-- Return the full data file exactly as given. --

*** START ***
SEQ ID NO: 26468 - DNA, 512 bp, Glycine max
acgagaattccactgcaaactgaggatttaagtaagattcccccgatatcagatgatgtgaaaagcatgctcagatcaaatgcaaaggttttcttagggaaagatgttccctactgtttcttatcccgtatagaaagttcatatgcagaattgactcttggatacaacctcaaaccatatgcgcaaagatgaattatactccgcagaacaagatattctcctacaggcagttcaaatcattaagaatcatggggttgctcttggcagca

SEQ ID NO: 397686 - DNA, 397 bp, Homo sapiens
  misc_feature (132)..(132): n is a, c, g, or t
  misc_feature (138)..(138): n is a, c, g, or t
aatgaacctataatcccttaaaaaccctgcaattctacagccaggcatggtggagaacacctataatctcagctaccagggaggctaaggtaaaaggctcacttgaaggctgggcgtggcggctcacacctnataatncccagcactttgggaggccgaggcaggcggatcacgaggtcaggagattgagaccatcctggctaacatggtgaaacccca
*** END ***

SEQ ID NO: 26468 - DNA, 512 bp, Glycine max
acgagaattccactgcaaactgaggatttaagtaagattcccccgatatcagatgatgtgaaaagcatgctcagatcaaatgcaaaggttttcttagggaaagatgttccctactgtttcttatcccgtatagaaagttcatatgcagaattgactcttggatacaacctcaaaccatatgcgcaaagatgaattatactccgcagaacaagatattctcctacaggcagttcaaatcattaagaatcatggggttgctcttggcagca

SEQ ID NO: 397686 - DNA, 397 bp, Homo sapiens
  misc_feature (132)..(132): n is a, c, g, or t
  misc_feature (138)..(138): n is a, c, g, or t
aatgaacctataatcccttaaaaaccctgcaattctacagccaggcatggtggagaacacctataatctcagctaccagggaggctaaggtaaaaggctcacttgaaggctgggcgtggcggctcacacctnataatncccagcactttgggaggccgaggcaggcggatcacgaggtcaggagattgagaccatcctggctaacatggtgaaacccca